ment; people were rushing in and out of the houses, calling out from the street and being answered from the windows; soldiers dashed about as though in answer to a summons; cavalry officers trotted by; men and boys passed with bundles of flags on their shoulders and in their arms, all breathless and hurried, as if the devil were after them. Not knowing a soul, and having no way of rinding out what it all meant, I tried to guess what was up from the expression of their faces. They all looked cheerful enough, but not as frantically glad as they had been; there was a shade of doubt, of anxiety. One could see they were planning something. From the Corso I wandered on through some of the narrower streets, stopping now and then to watch one of the groups. Everywhere I saw the same thing—crowds of people, all in a hurry, all coming and going, with the same air that I had already noticed in the Corso, of concealing from somebody what they were doing, although it was all being done in the open. Knots, bands, hundreds of men and women passed me in silence; they were all going in the same direction, as though to some appointed meeting-place."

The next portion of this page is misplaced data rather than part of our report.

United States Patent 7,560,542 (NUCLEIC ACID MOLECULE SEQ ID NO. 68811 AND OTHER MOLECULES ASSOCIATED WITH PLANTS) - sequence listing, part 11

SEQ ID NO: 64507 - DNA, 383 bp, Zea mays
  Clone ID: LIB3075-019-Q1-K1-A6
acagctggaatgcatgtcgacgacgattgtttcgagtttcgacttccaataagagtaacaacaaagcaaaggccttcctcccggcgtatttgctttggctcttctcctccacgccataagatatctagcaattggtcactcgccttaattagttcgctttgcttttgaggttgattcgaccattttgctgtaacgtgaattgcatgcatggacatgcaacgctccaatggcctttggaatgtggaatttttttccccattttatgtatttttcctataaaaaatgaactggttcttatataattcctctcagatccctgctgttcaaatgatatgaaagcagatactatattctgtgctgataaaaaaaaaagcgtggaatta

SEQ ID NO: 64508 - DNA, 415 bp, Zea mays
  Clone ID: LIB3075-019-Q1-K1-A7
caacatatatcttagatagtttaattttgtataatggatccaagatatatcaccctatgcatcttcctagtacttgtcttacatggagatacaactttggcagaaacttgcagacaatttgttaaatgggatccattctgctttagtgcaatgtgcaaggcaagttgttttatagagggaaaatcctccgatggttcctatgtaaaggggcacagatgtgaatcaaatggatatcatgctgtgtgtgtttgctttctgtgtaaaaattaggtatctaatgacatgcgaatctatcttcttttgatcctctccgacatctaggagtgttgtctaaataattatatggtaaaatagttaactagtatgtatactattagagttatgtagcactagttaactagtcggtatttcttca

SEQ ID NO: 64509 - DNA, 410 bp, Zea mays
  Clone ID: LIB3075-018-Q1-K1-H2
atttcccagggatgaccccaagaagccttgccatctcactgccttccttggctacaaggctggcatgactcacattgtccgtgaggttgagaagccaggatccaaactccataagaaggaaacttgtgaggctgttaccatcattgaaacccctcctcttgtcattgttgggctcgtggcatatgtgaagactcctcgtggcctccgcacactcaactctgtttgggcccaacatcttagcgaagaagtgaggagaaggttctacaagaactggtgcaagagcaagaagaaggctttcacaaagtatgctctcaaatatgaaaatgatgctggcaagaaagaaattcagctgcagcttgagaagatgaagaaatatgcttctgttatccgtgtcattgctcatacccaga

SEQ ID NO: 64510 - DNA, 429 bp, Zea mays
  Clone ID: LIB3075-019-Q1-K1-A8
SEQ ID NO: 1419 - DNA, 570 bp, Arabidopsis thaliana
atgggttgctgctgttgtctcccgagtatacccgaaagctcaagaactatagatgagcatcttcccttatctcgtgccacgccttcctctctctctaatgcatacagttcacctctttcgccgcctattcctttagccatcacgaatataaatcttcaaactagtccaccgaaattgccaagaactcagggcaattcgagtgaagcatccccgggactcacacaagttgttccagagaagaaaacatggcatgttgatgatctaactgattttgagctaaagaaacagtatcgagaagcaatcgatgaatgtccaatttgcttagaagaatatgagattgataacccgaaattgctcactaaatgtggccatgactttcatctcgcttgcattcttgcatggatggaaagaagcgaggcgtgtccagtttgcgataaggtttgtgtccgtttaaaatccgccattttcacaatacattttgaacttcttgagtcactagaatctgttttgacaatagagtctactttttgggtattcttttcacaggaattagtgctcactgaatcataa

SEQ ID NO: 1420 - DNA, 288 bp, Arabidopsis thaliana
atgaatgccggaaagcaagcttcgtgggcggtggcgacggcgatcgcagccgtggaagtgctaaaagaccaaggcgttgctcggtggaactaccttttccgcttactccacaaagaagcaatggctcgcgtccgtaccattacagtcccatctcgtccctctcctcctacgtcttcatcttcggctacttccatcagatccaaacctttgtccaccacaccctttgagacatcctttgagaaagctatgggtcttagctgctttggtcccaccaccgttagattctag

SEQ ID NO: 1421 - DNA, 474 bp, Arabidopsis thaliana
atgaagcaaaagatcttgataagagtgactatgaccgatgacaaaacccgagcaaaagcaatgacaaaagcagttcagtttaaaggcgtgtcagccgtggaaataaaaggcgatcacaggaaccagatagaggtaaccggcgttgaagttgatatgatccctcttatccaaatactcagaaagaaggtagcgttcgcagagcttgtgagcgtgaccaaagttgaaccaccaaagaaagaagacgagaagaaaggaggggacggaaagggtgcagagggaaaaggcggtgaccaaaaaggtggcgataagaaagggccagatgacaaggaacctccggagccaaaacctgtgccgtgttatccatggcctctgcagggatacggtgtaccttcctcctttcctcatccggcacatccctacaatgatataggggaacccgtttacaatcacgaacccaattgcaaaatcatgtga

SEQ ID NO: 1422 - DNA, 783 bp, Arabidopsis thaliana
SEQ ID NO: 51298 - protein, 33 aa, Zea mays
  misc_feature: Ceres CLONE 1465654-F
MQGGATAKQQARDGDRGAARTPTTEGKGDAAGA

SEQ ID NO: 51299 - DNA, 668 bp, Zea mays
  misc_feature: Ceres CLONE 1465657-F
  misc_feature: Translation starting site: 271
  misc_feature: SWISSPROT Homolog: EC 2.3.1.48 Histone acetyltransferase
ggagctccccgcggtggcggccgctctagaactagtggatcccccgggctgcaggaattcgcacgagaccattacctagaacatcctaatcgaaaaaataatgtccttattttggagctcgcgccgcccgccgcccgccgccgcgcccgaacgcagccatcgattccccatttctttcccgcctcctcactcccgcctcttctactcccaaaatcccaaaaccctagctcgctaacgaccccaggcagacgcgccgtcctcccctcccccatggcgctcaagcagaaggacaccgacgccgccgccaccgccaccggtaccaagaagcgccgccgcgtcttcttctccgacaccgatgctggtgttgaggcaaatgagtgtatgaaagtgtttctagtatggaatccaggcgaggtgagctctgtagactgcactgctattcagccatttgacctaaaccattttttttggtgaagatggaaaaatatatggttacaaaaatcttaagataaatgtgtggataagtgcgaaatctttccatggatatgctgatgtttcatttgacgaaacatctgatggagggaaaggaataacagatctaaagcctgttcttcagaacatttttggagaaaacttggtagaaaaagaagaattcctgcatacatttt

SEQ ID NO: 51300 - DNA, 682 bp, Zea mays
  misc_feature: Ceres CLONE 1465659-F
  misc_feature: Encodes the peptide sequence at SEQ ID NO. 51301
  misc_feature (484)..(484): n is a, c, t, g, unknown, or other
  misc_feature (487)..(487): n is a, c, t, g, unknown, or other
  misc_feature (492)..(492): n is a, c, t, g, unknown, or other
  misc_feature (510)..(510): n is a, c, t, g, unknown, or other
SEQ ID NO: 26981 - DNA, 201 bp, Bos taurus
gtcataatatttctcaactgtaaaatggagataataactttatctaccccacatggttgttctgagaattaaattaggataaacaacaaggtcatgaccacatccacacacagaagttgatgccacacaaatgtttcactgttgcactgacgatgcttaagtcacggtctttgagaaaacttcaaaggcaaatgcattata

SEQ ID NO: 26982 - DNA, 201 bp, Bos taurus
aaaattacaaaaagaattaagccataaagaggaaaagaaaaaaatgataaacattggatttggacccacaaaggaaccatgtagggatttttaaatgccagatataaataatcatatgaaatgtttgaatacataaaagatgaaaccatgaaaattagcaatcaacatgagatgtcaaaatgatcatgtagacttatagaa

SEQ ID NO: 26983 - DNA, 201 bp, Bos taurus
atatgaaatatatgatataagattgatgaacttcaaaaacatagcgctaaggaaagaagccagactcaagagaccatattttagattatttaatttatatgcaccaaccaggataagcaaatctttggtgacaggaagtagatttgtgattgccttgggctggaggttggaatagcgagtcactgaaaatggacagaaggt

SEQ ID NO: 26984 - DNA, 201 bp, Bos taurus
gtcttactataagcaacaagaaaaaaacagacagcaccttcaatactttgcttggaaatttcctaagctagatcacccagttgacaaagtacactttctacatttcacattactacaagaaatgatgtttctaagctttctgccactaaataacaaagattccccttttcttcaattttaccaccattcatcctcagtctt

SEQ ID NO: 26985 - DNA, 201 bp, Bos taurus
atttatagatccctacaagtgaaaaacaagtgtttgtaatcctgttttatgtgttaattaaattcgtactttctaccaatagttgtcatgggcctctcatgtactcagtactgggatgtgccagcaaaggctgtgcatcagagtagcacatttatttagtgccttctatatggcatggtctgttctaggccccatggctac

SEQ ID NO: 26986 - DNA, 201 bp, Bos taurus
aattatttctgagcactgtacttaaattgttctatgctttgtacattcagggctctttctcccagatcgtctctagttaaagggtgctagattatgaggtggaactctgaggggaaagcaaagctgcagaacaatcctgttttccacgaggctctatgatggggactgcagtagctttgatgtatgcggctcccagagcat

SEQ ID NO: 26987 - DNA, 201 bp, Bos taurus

"Where were they going?" the father and mother interrupted.
"Wait a minute. I went back to the Corso. As I approached it I heard a deep, continuous murmur of voices, growing louder and louder,